Peel and cook the potatoes until fork-tender. Drain and put back in the pot. Put the pot back on the burner and cook the drained potatoes for about a minute over medium heat to let the excess moisture evaporate. Take the pot off the heat.
Mash the potatoes (while still hot). The best tool for mashing potatoes is a potato ricer but you can also use a regular potato masher. Do not mash them for too long.
Let the potatoes cool (they can be cold or just slightly warm).
Add lightly beaten egg, salt, and flour to the potatoes.
Knead the dough until it comes together but do not overwork it (I usually start mixing the ingredients with a wooden spoon and then knead it with my hands). You can add more flour if the dough does not come together and is sticky. The amount of flour specified in the recipe is an estimate - the amount of the flour needed may be different depending on the potatoes and the flour type/brand. The dough should be soft but not sticky, it should hold together.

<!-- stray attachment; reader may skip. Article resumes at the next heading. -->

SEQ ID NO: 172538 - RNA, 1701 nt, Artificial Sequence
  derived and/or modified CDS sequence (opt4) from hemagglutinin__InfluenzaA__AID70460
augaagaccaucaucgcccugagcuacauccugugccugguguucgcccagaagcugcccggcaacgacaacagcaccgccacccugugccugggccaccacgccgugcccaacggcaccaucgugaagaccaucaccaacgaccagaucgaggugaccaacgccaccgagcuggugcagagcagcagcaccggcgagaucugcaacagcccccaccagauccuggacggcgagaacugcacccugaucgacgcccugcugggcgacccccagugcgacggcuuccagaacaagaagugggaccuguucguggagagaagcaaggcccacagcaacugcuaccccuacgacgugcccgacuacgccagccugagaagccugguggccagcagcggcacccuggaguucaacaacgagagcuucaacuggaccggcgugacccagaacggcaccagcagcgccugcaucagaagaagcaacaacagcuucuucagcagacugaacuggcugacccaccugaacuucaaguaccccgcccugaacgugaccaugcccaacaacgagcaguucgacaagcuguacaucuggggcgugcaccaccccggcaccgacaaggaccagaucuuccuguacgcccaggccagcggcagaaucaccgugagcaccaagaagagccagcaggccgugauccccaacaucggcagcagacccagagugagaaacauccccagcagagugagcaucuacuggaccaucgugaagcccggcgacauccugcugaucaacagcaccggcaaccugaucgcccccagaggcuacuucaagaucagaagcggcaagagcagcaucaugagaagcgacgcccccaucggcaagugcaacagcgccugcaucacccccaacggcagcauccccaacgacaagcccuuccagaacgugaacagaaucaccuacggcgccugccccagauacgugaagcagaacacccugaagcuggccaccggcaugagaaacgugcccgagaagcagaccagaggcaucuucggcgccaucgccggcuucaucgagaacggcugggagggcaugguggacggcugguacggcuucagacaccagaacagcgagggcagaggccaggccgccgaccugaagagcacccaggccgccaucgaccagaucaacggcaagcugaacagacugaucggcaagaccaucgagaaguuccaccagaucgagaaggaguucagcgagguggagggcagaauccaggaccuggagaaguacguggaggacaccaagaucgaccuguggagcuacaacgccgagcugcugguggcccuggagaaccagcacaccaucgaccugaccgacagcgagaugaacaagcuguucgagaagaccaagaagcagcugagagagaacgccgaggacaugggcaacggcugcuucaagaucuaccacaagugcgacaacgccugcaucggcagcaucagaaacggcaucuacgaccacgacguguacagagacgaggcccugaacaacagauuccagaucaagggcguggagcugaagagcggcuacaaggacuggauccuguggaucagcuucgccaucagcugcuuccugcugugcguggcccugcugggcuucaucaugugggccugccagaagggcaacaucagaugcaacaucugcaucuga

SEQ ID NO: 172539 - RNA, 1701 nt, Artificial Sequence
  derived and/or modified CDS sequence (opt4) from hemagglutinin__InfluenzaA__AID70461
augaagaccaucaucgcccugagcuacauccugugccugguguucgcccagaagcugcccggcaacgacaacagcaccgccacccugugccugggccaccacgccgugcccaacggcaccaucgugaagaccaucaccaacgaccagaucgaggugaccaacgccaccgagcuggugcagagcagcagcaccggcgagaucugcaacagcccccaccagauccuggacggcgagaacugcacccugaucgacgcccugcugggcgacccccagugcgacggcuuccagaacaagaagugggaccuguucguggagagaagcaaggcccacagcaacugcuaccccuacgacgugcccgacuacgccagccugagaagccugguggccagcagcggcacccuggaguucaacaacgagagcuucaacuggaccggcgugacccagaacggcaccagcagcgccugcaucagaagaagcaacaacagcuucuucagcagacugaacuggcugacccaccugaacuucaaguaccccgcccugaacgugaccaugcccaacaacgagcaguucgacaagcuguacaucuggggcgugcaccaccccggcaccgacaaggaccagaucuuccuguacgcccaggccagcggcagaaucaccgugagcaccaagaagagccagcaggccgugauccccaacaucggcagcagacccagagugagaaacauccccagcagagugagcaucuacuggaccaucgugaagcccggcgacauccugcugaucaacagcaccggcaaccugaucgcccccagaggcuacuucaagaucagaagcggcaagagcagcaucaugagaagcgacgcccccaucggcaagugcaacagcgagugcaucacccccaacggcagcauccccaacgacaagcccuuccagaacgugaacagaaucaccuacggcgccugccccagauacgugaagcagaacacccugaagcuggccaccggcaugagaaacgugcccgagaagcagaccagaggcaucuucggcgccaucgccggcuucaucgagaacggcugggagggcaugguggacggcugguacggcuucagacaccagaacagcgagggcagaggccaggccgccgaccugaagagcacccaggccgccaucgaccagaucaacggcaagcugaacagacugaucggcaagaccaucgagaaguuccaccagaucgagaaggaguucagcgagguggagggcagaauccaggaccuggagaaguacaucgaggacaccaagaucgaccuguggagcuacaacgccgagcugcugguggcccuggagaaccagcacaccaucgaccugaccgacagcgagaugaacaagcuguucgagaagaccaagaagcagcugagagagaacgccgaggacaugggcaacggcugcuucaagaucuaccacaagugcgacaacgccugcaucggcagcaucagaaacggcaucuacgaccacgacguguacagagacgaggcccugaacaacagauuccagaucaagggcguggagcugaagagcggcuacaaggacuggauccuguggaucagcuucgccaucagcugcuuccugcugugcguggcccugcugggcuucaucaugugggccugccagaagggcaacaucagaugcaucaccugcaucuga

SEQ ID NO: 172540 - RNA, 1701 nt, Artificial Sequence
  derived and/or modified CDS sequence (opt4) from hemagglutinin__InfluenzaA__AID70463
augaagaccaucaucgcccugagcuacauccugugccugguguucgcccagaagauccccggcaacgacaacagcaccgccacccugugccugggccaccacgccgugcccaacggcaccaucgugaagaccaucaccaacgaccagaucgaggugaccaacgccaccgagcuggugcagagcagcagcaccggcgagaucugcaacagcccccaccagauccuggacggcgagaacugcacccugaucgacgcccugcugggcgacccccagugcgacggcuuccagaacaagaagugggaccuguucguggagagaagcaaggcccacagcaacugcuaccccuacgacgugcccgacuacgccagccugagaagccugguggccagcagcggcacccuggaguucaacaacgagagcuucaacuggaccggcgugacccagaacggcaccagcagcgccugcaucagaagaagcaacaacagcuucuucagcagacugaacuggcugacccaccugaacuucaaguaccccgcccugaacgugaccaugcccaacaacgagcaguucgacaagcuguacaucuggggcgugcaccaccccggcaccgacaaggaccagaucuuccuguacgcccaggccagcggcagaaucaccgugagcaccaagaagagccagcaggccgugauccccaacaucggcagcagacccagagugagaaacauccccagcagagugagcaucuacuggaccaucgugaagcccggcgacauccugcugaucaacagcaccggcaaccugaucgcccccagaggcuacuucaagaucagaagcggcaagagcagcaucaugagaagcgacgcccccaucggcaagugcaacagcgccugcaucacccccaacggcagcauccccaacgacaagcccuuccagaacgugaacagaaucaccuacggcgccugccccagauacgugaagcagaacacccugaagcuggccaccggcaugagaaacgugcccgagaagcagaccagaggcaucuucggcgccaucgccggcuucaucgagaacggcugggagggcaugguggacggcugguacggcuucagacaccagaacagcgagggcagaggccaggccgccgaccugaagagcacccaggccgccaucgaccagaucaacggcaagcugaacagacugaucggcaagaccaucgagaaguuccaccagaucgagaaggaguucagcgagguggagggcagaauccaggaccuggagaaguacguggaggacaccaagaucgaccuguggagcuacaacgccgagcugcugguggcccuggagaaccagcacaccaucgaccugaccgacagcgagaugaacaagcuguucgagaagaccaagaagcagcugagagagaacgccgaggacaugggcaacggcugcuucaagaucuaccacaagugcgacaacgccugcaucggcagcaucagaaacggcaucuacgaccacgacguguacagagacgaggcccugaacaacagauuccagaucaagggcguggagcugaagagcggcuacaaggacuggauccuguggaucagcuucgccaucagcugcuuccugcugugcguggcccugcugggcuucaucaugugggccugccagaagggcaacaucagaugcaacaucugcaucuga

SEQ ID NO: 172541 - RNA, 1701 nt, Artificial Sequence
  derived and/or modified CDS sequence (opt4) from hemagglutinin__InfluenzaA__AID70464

Place the dough on a lightly floured surface and divide into 4 parts. Roll each part into 1,5-2 inch (4-5cm) thick logs. You can dust the dough and your hands lightly with flour. Cut at an angle into 2-inch (5 cm) dumplings.
Cook the dumplings in batches (about 10 dumplings per batch) in a large pot filled with salted water, about 2-3 minutes, counting from the moment when the dumplings float to the surface of the water. The cooking time may be different depending on the size of the dumplings - you can cook test one dumpling and cut it in half to see if there is raw batter in the middle.
Remove from the pot with a slotted spoon.